Life in thetimes of Whypox—A virtual epidemic as a community event

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Journal/Book Title/Conference

3rdInternational Conference on Communities and Technology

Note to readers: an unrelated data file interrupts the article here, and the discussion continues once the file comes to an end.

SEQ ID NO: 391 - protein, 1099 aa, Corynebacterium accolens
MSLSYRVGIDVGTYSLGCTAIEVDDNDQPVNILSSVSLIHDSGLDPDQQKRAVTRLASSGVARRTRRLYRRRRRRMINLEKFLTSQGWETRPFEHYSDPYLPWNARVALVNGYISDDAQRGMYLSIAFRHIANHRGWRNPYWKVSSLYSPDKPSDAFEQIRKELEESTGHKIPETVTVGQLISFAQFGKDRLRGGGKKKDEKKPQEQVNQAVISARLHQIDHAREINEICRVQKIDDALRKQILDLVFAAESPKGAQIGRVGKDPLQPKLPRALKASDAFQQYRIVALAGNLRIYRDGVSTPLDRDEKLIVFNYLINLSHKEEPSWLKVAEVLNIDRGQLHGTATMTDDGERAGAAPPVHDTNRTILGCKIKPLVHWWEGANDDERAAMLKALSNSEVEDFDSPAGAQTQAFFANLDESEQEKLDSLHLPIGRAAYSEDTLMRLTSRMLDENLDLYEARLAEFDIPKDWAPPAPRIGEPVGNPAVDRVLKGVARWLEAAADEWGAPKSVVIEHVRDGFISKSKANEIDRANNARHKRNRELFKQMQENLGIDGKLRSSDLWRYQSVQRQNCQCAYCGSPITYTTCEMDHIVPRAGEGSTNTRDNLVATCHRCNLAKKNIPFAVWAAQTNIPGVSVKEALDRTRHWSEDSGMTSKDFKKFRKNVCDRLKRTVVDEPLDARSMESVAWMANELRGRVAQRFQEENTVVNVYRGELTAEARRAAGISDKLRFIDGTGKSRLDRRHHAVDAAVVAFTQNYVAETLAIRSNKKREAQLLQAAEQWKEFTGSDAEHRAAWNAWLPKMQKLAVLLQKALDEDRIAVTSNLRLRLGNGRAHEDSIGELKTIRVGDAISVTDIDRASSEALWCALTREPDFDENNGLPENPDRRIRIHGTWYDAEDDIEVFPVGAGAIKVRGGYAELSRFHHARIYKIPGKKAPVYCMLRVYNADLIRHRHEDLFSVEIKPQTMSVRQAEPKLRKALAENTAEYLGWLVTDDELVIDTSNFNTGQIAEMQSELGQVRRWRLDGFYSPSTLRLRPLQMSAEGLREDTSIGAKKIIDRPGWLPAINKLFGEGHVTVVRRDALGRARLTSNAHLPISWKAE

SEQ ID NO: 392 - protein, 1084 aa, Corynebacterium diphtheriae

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In the past ten years, multiplayer games have increased in popularity with now millions of players spending dozens of hours or more online each week. Researchers have documented many aspects of the activities and motivations of players highlighting how players in these communities are defined by a common set of endeavors and social practices. Gee (2003) called game communities for this reason ‘affinity’ groups. Often particular practices such as avatar selling and adena farming or events such as warrior revolts and virtual elections are used to illustrate issues with community norms (Steinkuehler, 2006), ownership and freedom of expression (Taylor, 2002; 2005) in virtual worlds. With few exceptions (Cassell, Huffaker, Tversky, & Ferriman, 2006), most of these practices and events have been emergent phenomena.

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